Ex-employees say former editor-in-chief of Believer magazine, Joshua Wolf Shenk, had a reputation for “making women uncomfortable” — revelations that have emerged since he resigned after flashing dozens of employees during a Zoom call.
Shenk, editor-in-chief of Believer magazine and artistic and executive director of the Black Mountain Institute, tendered his resignation after flashing his staff.
In February, Shenk rose to a Zoom call and exposed herself to about a dozen employees of Believer magazine and the Black Mountain Institute, the Los Angeles Times reported.
On March 24, the publisher of Believer magazine and the staff of the Black Mountain Institute, a center for literary arts at the University of Nevada, Las Vegas, were informed that Shenk resigned over the incident, the Los Angeles Times reported.
Joshua Wolf Shenk (pictured) was the former editor of Believer magazine and artistic and executive director of the Black Mountain Institute prior to his resignation in May
Current and former employees of Believer magazine (pictured) called Shenk an “inattentive and negligent boss” in an anonymous open letter published in May
Shenk’s literary agent, Ira Silverberg, explained to the Los Angeles Times that Shenk took a bath to relieve nerve pain related to fibromyalgia during the Zoom call.
Silverberg said Shenk chose a virtual backdrop to hide his location and wore a mesh shirt, but when he got up to charge his computer without turning off the camera or covering the lower half of his body, he introduced himself. exposed to staff.
But now current and former employees tell vice that Shenk had a history of problematic behavior prior to his bathtub incident, which they said was not an “accidental accident.”
“I wasn’t surprised in the sense that it looked like something was going to happen,” a Believer employee told Vice about the Zoom incident. “Like, of course there would be this. I don’t think it’s fair to categorize him as someone who is predatory, but you can categorize him as someone who just didn’t care. He had no respect for boundaries or comfort or what his colleagues deserved from him in terms of attention, time or decency.’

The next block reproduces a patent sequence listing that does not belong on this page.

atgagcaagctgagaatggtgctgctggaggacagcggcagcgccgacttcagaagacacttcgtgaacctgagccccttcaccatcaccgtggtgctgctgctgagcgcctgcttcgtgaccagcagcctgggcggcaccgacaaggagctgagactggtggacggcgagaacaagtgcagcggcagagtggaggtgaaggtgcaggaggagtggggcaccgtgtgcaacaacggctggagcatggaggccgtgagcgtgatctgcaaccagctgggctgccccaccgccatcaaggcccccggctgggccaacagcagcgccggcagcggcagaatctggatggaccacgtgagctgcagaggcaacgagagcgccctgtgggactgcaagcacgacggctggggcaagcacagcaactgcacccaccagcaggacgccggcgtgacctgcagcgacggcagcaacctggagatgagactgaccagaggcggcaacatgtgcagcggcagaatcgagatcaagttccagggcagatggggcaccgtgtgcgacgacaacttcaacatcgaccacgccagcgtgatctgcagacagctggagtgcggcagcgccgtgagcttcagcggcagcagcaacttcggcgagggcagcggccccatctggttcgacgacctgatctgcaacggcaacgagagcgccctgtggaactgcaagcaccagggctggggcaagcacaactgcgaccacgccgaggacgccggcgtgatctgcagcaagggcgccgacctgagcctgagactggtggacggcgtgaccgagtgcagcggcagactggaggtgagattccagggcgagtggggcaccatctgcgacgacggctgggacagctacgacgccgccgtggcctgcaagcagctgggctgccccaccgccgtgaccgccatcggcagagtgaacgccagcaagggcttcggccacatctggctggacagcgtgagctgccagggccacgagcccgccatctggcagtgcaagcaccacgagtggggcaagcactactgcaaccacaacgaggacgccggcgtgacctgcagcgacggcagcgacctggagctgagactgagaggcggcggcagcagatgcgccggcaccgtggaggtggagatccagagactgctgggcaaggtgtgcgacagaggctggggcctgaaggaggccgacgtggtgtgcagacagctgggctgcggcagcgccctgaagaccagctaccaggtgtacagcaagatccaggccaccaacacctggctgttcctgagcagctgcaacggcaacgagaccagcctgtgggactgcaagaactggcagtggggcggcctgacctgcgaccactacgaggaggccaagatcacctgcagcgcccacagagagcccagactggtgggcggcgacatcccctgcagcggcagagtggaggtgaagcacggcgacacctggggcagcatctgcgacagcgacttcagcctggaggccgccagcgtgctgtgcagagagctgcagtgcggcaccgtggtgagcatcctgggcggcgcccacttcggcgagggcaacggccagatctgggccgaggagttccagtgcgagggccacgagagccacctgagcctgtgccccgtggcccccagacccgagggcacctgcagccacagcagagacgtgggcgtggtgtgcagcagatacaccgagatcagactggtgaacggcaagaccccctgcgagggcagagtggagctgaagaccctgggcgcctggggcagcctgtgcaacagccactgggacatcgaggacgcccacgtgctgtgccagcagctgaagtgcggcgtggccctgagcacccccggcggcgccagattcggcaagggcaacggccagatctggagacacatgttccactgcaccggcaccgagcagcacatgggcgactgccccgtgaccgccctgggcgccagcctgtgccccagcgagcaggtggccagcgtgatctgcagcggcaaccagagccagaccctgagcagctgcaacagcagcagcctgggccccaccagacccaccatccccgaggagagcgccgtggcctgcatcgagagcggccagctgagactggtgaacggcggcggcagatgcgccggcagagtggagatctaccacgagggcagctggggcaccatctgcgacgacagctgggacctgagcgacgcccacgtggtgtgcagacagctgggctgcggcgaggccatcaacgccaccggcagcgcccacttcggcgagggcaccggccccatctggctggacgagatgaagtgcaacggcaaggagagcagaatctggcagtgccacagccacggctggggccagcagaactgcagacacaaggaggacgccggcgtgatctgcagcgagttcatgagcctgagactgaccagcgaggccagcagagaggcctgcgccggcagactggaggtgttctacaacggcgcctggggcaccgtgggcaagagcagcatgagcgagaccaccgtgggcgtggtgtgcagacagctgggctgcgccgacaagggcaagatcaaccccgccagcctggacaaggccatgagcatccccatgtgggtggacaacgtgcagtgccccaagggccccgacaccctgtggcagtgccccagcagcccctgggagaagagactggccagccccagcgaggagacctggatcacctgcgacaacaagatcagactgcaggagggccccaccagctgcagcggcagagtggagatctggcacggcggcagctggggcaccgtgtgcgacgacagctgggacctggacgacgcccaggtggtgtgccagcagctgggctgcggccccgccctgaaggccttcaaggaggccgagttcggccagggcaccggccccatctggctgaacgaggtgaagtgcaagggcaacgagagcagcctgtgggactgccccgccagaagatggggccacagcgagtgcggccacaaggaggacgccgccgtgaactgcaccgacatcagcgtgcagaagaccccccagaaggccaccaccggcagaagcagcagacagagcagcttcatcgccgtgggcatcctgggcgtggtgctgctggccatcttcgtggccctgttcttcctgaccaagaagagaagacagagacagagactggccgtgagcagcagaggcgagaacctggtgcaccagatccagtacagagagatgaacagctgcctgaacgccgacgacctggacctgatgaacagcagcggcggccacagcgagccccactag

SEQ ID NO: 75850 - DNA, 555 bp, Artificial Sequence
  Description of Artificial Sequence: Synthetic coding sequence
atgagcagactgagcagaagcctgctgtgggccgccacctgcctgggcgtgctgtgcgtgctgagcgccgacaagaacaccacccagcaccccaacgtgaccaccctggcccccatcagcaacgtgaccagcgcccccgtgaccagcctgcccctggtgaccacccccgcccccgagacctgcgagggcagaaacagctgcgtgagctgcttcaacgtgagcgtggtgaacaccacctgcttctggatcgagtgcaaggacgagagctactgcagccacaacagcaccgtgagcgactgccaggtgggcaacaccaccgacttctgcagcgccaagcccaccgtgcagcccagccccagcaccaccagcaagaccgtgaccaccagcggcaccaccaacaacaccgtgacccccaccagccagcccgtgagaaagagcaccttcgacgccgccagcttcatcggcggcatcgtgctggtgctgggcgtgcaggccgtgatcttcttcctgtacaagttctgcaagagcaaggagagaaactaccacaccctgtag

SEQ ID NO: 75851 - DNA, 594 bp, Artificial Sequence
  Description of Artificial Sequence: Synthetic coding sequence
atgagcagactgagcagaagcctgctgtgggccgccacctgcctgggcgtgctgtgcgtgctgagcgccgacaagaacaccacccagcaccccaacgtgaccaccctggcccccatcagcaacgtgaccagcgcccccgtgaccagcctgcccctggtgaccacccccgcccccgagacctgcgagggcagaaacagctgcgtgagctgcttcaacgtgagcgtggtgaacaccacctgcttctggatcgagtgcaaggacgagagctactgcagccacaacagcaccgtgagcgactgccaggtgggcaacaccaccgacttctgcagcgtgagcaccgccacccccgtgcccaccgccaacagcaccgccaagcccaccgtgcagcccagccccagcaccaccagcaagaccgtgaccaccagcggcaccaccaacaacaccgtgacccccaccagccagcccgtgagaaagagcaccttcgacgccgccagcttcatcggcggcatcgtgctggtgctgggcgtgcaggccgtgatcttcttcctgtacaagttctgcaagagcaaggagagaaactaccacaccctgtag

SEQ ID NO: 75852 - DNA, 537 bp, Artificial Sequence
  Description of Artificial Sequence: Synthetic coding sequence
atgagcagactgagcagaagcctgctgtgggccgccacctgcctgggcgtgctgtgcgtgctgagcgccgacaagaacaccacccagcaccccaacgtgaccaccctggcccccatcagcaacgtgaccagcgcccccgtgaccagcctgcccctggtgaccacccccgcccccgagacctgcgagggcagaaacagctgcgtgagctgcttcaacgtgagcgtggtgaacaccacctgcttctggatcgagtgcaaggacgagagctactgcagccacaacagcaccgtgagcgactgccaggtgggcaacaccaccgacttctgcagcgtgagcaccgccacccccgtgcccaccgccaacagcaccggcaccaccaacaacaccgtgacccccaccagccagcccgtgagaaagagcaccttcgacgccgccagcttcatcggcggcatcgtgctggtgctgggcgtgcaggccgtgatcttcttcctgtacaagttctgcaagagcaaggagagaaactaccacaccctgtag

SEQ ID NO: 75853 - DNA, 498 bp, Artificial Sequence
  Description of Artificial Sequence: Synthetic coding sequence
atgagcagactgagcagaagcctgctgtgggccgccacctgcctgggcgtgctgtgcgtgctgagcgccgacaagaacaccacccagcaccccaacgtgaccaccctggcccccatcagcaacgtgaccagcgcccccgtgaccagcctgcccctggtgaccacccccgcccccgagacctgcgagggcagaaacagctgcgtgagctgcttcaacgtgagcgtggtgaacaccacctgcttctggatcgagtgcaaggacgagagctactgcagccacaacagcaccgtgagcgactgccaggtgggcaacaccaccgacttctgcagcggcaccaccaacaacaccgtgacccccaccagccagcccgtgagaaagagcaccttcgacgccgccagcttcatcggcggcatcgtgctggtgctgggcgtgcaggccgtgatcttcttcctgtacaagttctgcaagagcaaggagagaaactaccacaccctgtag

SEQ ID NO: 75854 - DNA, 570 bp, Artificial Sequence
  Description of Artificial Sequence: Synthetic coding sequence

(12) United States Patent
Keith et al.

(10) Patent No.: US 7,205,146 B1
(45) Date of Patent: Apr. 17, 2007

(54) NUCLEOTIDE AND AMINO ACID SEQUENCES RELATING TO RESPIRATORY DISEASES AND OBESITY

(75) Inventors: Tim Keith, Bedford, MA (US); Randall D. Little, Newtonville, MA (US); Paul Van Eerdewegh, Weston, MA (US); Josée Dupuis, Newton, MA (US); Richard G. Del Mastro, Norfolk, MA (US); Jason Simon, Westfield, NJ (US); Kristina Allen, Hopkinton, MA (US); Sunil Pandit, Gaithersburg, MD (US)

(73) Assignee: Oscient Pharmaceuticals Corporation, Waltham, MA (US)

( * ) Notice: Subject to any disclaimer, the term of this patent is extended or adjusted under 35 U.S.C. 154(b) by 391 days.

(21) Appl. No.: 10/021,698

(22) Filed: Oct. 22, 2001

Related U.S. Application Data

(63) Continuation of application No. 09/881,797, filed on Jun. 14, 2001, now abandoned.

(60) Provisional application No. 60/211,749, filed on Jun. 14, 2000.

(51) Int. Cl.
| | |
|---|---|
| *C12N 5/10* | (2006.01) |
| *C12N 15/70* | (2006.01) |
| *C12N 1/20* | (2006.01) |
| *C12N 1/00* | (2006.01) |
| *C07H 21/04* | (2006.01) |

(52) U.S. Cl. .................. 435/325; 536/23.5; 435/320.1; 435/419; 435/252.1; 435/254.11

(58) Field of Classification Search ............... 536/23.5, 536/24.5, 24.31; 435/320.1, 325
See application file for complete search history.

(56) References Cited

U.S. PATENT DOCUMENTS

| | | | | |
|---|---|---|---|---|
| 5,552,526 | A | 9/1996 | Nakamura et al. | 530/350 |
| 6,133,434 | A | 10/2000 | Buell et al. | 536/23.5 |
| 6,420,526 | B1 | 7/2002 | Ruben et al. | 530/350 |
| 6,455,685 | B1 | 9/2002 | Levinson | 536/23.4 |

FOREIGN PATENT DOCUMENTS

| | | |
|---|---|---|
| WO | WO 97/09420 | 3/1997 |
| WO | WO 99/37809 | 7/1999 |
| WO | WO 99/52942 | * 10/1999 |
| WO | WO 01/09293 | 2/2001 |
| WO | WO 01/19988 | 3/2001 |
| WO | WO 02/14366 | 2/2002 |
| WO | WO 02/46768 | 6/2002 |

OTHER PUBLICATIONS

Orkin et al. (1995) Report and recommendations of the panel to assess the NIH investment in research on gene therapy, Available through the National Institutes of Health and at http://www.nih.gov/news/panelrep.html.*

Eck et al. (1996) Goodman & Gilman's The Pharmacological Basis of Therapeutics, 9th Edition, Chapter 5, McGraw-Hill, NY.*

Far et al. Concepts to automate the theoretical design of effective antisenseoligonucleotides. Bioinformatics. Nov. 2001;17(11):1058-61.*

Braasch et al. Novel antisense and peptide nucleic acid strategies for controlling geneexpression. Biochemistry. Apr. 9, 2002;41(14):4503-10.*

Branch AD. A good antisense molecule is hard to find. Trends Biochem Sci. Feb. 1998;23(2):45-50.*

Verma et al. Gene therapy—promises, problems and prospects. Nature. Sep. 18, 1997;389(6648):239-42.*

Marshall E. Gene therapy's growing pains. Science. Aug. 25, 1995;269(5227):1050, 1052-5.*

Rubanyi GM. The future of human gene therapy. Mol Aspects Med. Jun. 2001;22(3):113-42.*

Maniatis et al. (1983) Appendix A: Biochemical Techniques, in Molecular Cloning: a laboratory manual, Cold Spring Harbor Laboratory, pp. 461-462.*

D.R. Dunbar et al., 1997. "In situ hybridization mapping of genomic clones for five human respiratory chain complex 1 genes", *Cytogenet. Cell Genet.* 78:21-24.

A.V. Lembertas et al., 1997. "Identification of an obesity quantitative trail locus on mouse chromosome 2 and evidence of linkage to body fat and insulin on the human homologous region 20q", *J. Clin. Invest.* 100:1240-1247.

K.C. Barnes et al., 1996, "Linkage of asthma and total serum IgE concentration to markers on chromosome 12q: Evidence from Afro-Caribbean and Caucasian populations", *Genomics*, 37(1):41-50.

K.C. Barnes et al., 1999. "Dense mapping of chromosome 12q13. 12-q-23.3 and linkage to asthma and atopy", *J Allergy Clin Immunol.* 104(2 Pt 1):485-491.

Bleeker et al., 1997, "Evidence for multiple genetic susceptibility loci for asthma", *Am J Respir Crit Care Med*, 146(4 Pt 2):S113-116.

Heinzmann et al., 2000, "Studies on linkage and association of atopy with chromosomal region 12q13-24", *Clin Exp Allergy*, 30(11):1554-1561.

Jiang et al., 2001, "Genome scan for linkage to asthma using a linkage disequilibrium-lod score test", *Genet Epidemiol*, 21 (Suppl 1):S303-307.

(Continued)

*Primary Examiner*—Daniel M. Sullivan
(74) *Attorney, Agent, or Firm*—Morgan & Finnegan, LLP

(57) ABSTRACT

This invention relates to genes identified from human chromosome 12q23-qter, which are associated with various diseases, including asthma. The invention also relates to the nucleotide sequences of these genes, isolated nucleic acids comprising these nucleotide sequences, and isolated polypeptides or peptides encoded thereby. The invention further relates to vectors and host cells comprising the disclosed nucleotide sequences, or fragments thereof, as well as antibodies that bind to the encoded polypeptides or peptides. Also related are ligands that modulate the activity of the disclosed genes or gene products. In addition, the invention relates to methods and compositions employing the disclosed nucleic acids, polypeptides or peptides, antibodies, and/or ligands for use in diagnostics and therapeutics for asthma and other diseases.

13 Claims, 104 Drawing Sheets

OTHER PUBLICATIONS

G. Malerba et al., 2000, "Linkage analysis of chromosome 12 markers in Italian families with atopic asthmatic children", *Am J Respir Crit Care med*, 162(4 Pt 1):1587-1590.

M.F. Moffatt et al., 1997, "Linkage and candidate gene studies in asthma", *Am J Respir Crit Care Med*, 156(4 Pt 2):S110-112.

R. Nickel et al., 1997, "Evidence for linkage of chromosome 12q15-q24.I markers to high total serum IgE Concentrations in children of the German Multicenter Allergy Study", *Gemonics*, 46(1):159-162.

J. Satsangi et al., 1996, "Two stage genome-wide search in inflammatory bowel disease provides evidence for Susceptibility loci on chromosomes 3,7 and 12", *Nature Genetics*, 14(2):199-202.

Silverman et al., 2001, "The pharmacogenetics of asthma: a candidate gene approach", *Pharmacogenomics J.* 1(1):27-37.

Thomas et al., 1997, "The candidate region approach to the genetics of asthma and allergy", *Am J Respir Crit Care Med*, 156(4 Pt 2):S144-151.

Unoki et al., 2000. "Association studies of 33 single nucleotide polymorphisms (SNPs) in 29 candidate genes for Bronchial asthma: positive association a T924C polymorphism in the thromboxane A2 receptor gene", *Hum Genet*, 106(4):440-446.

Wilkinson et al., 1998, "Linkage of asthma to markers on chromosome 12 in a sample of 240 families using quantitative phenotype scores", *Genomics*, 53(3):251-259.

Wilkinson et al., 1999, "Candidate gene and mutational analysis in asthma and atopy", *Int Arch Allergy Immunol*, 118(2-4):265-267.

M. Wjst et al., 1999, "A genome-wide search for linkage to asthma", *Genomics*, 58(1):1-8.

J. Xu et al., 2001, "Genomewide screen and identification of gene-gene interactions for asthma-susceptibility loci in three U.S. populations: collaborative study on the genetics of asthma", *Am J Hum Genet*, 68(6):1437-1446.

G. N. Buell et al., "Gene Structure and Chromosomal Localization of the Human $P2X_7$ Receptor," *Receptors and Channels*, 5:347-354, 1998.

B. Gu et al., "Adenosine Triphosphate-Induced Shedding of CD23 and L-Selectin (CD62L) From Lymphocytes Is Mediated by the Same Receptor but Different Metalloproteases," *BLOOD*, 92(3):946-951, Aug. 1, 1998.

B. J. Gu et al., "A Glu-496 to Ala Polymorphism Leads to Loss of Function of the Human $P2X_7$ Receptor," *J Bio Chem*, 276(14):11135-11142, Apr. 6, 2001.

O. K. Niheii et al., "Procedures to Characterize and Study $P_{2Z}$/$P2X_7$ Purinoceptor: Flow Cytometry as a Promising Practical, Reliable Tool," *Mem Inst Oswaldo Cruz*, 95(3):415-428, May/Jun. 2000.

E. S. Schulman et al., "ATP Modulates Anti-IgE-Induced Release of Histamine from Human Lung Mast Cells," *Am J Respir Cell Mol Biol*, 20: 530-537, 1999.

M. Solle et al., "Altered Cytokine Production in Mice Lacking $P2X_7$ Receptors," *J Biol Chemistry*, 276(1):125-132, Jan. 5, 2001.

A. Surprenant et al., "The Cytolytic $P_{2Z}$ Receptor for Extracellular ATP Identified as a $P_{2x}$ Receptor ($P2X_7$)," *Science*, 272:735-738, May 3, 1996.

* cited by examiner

Shortly after the LA Times article was published, staffers from The Believer and BMI wrote an anonymous open letter accuses Shenk of being an ‘inattentive and negligent boss’, saying his behavior on the infamous Zoom call’fit a pattern of insensitivity and insulting disregard for the staffers who worked under him.”
“We see this act as the culmination of a longstanding pattern of inappropriate and disrespectful behavior that belies a chronic lack of concern and concern for the comfort, boundaries and safety of staff – not to mention that of students, fellows and others in BMI and The Believer’s communities,” the open letter said. “This pattern of behavior resulted in a workplace culture that was difficult and sometimes painful to work in. Despite this, we have worked to create the successful programs and publications that BMI and The Believer are known for—work for which Shenk is mentioned in the LA Times article.”
On March 24, the publisher of Believer magazine and the staff of the Black Mountain Institute, a center for literary arts at the University of Nevada, Las Vegas (pictured) were informed that Shenk was resigning.
Current and former employees who worked under Shenk tell Vice the executive director of the Black Mountain Institute (pictured) had a history of problematic behavior prior to his bathtub incident